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States get grants as disease ravages bat populations

A cluster of little brown bats hang on the rock walls of level 12 of the Soudan Underground Mine. (2008 file / News Tribune)

The U.S. Fish and Wildlife Service on Monday announced more than $1 million in grants to keep fighting white-nose syndrome, the deadly fungus that continues to kill bats everywhere it spreads.

The grants go to wildlife agencies in 37 states and the District of Columbia to help find ways to slow or prevent the spread of white-nose syndrome that has killed an estimated 7 million bats across the eastern U.S. and Canada.

Minnesota gets $30,000 and Wisconsin $28,077 in this round of funding. To date the federal government has given states more than $7 million to battle white-nose syndrome over the last decade.

First discovered in New York in the winter of 2006-2007, the fungus has now spread to 33 states and five Canadian provinces. It has been especially hard on little brown and northern long-eared bats, two common species in Minnesota, and just this year was documented killing another species, the southeastern bat, for the first time.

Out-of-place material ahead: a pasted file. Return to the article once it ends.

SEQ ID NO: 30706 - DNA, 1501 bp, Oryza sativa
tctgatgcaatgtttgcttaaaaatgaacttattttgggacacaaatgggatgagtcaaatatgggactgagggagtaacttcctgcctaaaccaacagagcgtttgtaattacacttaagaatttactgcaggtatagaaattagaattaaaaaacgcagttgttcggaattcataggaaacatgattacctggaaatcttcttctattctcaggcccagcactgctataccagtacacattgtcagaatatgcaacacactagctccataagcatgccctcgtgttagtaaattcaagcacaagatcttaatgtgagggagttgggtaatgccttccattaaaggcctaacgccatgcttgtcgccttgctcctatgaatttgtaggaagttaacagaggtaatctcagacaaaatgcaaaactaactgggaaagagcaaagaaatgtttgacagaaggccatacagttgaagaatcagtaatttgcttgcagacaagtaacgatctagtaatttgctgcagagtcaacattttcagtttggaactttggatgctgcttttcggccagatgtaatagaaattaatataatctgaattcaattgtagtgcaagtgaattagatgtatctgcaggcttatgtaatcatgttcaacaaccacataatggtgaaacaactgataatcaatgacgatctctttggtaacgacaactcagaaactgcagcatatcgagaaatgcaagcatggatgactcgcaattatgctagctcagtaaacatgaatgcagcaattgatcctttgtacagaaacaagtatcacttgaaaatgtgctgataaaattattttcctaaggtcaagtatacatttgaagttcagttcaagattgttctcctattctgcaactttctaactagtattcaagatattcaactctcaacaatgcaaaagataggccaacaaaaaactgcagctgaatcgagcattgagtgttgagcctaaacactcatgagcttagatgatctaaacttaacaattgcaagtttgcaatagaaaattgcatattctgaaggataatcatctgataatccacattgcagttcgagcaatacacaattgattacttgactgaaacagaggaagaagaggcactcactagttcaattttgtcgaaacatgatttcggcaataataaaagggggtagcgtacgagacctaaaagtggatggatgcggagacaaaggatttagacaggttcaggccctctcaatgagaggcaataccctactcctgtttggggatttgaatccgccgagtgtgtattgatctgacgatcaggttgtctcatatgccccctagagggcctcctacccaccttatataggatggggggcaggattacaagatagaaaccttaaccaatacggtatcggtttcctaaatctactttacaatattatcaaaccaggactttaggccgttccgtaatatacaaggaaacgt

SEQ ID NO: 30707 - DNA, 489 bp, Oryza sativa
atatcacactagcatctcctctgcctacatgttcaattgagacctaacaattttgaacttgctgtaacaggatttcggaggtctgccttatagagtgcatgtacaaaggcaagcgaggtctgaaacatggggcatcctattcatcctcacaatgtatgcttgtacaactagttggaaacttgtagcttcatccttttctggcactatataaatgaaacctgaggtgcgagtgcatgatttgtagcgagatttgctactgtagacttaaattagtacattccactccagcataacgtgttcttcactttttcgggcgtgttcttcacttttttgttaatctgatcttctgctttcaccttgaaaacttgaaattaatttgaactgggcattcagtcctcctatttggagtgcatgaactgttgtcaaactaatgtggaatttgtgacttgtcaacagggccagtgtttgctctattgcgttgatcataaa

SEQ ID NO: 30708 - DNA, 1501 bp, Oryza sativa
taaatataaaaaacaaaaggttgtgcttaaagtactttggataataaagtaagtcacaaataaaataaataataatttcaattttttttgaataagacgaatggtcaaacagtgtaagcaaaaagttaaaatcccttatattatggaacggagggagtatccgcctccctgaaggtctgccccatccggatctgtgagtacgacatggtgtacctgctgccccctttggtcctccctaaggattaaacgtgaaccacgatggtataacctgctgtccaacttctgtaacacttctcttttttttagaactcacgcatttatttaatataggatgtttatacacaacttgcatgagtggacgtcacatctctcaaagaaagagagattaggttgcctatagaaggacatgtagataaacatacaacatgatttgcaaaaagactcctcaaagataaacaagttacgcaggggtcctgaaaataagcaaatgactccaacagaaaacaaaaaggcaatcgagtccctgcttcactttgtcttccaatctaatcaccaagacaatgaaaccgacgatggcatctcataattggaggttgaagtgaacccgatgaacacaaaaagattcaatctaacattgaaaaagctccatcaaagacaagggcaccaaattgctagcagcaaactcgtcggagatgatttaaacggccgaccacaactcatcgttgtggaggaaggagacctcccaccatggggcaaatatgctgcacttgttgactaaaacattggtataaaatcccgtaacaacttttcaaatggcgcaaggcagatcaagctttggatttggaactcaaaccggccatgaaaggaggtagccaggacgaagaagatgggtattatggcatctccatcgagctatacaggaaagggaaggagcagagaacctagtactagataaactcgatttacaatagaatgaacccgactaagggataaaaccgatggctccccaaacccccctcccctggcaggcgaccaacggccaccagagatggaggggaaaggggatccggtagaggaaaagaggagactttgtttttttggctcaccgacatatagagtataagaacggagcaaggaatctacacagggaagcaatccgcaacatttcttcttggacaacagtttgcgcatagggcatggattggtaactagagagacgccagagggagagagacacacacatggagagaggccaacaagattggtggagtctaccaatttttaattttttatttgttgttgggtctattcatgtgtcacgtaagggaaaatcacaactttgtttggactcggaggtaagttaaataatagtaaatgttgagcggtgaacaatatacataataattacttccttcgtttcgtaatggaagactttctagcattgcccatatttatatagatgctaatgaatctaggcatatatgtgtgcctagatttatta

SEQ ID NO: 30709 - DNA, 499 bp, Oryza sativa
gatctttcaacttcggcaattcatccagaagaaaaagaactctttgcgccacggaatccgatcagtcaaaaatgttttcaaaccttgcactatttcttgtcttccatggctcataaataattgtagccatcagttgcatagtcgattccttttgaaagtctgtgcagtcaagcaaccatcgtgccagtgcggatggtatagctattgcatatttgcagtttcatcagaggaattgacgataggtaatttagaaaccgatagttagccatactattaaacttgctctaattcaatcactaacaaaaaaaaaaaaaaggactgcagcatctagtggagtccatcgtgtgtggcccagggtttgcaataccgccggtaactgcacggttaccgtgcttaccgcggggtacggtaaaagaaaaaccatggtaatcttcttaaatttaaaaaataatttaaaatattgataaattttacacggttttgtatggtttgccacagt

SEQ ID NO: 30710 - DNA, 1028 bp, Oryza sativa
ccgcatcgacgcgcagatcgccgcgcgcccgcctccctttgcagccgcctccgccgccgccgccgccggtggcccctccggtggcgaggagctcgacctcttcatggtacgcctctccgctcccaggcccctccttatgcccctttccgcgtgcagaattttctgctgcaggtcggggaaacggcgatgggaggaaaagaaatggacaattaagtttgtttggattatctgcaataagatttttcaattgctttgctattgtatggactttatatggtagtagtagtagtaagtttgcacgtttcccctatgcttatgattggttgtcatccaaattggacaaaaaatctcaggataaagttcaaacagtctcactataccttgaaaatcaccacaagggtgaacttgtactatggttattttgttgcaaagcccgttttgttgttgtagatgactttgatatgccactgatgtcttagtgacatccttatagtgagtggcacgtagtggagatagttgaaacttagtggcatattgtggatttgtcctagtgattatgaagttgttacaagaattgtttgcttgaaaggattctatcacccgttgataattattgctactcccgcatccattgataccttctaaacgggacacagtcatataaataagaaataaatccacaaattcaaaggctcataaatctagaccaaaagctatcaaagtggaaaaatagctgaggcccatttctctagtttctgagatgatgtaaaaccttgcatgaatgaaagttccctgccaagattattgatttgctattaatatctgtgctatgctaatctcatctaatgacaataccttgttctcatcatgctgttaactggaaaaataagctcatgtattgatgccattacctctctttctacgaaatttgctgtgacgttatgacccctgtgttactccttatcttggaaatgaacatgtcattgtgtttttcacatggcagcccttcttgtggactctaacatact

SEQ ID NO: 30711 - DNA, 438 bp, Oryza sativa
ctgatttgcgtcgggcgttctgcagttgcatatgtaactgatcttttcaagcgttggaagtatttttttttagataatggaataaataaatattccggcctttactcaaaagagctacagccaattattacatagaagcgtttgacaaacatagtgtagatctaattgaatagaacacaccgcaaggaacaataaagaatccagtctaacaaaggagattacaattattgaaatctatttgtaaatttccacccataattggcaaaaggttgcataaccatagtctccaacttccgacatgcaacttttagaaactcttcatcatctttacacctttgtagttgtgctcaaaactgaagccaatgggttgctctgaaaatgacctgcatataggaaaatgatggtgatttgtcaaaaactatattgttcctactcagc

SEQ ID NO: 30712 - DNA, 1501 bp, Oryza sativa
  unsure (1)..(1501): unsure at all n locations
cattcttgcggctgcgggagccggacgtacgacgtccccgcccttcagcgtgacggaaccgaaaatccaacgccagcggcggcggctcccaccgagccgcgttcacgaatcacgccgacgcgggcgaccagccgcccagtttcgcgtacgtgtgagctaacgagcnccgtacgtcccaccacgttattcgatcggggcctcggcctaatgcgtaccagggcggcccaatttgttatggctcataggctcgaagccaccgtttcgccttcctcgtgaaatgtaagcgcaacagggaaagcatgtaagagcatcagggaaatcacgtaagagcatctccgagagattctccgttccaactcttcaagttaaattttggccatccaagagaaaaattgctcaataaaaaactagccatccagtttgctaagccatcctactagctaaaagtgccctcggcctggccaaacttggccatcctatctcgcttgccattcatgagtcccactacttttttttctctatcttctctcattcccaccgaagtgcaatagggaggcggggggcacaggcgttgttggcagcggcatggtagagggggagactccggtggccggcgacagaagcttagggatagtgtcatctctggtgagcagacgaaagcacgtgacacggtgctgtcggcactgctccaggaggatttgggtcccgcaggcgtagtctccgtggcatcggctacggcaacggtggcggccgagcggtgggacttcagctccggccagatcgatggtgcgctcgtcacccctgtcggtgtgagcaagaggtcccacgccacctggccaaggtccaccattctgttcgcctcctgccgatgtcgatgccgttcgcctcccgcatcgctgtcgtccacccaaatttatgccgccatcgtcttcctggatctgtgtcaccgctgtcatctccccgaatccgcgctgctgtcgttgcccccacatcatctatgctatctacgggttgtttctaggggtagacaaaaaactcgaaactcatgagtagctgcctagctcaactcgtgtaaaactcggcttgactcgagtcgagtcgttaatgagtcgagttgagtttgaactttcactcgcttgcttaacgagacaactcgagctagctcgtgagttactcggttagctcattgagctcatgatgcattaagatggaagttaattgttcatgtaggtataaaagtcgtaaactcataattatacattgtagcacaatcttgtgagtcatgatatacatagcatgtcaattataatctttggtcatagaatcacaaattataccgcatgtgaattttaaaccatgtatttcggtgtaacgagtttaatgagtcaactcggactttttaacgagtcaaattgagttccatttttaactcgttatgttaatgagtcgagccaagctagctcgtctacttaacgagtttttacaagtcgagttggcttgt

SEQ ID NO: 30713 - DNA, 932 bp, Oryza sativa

Research is underway to find something to protect bats or kill the fungus. So far nothing has stopped the disease from spreading and killing bats in the caves and underground mines where they congregate each winter. In Minnesota, thousands of dead bats were found over the winter outside the Soudan Underground Mine, the state's largest hibernacula or wintering colony.

The Minnesota Department of Natural Resources will use the money in ongoing efforts to determine what the habitat-threatened bat species need and to monitor wintering areas for expansion of the disease. Minnesota also has been spending its own conservation funds to help track and gain more knowledge about bats even as researchers already see some bat populations declining.

White-nose syndrome is now considered the worst wildlife disease outbreak in North American history and shows no signs of slowing down. It threatens to drive some bats to extinction and could do real harm to the pest-killing services that bats provide, worth billions of dollars each year in agricultural areas of the U.S.

"Funding from the Service provides state fish and wildlife agencies with critically important support to manage and mitigate the spread of the disease to new areas of the country," said Nick Wiley, president of the Association of Fish and Wildlife Agencies and executive director of the Florida Fish and Wildlife Conservation Commission. "The Association greatly appreciates the Service's role in coordinating a national response to white-nose syndrome and the funding support for state responses to this wildlife disease crisis."

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